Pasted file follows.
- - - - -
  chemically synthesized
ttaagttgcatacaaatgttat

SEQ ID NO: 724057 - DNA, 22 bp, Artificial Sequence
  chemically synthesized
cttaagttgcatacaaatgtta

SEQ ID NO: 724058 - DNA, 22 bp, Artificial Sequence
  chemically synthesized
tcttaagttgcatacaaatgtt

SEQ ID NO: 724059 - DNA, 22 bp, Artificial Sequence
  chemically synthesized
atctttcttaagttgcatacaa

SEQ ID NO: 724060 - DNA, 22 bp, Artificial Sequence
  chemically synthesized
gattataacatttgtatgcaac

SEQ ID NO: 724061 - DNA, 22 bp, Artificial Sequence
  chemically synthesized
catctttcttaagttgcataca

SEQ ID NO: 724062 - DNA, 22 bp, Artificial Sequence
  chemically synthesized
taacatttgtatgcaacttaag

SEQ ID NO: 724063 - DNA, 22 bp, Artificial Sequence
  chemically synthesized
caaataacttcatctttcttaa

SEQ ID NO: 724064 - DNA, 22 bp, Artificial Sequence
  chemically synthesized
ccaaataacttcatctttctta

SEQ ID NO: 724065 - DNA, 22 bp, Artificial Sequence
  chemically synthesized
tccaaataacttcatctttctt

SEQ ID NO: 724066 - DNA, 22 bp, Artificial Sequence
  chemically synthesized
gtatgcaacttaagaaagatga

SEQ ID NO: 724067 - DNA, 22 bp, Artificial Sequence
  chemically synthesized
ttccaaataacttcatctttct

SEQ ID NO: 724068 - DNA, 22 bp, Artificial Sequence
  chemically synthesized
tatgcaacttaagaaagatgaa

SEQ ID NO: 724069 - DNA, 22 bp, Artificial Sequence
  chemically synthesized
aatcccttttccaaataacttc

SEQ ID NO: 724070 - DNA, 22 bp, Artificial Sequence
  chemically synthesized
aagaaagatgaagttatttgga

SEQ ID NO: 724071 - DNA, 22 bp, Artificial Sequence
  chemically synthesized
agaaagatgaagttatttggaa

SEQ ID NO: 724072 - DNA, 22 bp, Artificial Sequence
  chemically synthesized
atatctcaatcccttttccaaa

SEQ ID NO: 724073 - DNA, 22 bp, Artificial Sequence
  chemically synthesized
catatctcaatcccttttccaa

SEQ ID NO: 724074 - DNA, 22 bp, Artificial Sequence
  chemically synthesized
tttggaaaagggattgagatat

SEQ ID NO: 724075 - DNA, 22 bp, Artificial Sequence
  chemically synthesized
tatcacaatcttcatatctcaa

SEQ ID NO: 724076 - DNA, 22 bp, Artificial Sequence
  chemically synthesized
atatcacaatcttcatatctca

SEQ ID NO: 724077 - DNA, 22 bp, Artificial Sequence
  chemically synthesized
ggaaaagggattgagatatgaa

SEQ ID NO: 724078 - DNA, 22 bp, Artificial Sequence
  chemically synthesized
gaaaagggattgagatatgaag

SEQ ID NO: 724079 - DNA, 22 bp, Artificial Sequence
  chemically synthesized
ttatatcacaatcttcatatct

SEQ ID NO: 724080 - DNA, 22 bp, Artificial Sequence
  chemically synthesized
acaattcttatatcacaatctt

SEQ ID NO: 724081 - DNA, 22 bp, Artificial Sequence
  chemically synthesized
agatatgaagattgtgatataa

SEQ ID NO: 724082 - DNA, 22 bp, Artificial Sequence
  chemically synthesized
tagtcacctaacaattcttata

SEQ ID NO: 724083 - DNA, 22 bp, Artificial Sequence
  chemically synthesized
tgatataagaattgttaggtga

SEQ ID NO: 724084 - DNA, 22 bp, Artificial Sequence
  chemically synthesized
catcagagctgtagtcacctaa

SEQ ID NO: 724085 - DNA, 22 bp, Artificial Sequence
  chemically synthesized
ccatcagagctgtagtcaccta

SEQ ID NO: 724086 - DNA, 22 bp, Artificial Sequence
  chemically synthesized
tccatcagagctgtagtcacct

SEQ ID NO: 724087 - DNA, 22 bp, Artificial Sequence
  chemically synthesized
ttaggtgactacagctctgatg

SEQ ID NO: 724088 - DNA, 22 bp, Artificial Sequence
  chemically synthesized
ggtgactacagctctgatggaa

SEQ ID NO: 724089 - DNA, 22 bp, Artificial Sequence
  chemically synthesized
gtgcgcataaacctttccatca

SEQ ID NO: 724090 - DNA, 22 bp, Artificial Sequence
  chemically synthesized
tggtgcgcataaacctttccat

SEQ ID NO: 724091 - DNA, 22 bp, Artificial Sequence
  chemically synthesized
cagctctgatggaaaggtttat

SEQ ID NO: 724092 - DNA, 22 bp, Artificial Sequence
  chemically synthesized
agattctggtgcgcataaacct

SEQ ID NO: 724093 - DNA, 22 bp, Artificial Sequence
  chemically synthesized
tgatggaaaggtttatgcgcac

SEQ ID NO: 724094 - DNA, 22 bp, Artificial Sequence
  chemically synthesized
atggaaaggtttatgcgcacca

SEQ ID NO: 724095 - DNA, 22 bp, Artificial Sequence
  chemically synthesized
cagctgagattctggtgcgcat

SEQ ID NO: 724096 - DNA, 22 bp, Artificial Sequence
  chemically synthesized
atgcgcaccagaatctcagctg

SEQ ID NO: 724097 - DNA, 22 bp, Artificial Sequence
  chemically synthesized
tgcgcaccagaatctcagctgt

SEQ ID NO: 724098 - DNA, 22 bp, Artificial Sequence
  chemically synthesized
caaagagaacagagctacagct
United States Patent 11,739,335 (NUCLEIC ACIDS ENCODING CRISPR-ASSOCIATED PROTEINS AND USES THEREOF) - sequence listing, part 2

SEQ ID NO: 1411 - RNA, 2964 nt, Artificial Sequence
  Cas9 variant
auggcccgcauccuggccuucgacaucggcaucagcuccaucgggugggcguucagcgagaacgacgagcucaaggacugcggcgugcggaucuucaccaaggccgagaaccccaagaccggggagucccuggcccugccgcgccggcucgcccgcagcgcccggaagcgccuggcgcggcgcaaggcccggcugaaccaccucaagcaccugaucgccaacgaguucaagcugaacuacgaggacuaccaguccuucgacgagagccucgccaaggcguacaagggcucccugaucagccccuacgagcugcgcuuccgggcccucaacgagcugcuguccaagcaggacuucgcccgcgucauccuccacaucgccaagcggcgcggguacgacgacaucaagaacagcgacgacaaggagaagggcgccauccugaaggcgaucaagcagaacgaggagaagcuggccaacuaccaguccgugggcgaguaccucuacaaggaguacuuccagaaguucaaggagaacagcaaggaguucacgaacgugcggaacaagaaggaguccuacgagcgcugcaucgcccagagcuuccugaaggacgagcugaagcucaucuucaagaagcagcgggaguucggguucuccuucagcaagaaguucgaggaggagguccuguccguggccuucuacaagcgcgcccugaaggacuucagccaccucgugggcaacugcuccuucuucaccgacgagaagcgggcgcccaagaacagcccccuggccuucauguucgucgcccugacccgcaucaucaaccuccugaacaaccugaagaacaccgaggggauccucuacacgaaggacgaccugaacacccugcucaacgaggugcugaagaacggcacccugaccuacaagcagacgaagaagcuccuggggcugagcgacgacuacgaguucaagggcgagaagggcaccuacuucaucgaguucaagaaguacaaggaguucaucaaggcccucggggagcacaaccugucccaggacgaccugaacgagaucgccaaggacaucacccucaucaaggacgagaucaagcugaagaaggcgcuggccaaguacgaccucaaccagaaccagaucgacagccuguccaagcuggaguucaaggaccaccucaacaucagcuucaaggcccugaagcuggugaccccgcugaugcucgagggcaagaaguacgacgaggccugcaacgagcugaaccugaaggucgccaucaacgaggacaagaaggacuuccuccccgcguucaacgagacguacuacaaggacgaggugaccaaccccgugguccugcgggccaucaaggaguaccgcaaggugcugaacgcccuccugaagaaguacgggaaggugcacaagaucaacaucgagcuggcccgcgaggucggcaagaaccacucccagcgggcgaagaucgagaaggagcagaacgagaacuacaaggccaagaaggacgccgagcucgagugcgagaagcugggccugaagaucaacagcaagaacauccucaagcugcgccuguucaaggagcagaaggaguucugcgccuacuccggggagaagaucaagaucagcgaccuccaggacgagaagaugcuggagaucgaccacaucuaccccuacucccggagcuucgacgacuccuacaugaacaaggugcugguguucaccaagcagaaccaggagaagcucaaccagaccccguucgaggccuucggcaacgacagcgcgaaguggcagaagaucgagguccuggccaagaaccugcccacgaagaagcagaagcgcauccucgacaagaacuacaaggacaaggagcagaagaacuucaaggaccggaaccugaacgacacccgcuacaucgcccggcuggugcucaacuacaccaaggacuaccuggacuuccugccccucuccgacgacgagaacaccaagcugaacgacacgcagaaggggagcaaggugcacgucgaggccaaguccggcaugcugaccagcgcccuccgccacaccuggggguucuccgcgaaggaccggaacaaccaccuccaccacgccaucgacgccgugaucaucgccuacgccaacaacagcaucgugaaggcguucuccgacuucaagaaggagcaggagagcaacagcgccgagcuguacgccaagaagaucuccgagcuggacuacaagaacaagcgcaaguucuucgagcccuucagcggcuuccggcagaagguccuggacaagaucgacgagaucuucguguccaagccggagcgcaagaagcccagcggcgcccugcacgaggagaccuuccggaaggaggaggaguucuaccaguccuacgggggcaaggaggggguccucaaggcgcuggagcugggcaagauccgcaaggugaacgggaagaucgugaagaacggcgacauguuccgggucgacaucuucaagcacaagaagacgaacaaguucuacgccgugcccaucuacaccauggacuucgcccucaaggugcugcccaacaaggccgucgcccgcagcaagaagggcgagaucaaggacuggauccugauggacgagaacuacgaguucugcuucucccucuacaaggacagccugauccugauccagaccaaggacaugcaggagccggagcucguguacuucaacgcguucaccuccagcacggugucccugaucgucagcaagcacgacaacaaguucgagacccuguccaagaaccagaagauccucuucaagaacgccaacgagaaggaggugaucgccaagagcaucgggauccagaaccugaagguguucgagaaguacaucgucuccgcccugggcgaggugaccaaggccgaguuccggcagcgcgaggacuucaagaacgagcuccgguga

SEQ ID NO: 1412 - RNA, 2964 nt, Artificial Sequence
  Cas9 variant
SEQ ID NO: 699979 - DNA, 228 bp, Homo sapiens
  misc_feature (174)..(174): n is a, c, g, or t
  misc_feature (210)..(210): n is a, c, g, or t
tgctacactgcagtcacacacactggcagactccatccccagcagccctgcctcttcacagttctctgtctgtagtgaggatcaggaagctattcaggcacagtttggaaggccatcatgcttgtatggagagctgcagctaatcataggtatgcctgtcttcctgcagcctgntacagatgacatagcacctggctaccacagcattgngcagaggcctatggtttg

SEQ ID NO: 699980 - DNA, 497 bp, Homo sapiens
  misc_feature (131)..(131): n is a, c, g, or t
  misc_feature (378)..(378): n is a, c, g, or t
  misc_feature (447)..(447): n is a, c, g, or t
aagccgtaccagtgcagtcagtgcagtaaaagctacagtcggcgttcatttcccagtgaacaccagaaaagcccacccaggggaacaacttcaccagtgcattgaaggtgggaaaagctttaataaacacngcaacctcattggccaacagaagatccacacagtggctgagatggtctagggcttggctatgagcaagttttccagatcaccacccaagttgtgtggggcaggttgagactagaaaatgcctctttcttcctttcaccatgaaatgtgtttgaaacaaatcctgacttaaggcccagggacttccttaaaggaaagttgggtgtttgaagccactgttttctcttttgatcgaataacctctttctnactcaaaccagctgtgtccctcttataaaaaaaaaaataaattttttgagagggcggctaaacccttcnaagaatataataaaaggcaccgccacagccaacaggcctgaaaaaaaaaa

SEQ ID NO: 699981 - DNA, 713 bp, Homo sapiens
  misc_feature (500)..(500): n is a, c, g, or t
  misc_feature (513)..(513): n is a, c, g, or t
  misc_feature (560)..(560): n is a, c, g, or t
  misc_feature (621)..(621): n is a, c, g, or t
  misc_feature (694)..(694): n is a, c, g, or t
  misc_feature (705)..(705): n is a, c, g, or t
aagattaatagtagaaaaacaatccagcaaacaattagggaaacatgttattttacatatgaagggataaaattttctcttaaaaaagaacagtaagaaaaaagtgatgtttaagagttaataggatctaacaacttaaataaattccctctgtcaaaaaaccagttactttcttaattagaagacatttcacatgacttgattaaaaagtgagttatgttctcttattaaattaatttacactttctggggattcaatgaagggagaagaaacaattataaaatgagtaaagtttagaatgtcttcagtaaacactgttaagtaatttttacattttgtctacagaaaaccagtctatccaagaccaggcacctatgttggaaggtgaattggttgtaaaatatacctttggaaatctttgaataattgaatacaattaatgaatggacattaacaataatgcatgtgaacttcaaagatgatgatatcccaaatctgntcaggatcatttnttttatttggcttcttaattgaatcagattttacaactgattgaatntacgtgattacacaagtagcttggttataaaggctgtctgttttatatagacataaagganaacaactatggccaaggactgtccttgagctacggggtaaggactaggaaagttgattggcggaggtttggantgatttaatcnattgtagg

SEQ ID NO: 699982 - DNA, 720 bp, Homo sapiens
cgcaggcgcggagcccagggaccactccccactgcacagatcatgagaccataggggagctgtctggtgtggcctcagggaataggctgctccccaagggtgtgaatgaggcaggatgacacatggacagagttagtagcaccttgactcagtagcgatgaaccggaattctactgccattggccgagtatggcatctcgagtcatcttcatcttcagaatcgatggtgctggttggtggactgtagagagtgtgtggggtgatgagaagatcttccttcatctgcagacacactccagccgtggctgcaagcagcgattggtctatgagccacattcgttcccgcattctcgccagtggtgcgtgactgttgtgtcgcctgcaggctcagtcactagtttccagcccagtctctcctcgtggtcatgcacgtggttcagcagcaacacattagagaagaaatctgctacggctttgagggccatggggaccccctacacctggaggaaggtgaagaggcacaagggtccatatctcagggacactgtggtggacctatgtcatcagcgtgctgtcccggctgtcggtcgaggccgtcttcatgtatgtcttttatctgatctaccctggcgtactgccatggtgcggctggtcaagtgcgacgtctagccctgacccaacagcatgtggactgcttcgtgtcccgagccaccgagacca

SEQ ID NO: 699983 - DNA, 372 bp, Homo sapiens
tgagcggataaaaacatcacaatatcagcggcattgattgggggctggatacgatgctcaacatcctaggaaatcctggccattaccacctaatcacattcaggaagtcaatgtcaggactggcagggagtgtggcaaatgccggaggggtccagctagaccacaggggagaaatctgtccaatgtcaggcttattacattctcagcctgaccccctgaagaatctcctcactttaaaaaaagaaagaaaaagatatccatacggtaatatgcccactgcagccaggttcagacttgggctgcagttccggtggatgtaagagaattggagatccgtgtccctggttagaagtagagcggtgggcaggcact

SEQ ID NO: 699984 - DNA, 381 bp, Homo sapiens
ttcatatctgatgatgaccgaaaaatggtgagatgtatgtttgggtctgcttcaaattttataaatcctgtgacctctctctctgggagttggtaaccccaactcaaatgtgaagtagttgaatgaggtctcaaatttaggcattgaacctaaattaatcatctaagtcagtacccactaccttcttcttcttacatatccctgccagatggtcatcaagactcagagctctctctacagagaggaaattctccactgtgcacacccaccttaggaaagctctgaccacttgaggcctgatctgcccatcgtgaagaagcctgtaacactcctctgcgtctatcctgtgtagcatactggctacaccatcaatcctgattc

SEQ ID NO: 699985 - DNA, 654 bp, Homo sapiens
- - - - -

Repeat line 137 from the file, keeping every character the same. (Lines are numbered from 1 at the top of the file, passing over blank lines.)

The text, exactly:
  misc_feature (210)..(210): n is a, c, g, or t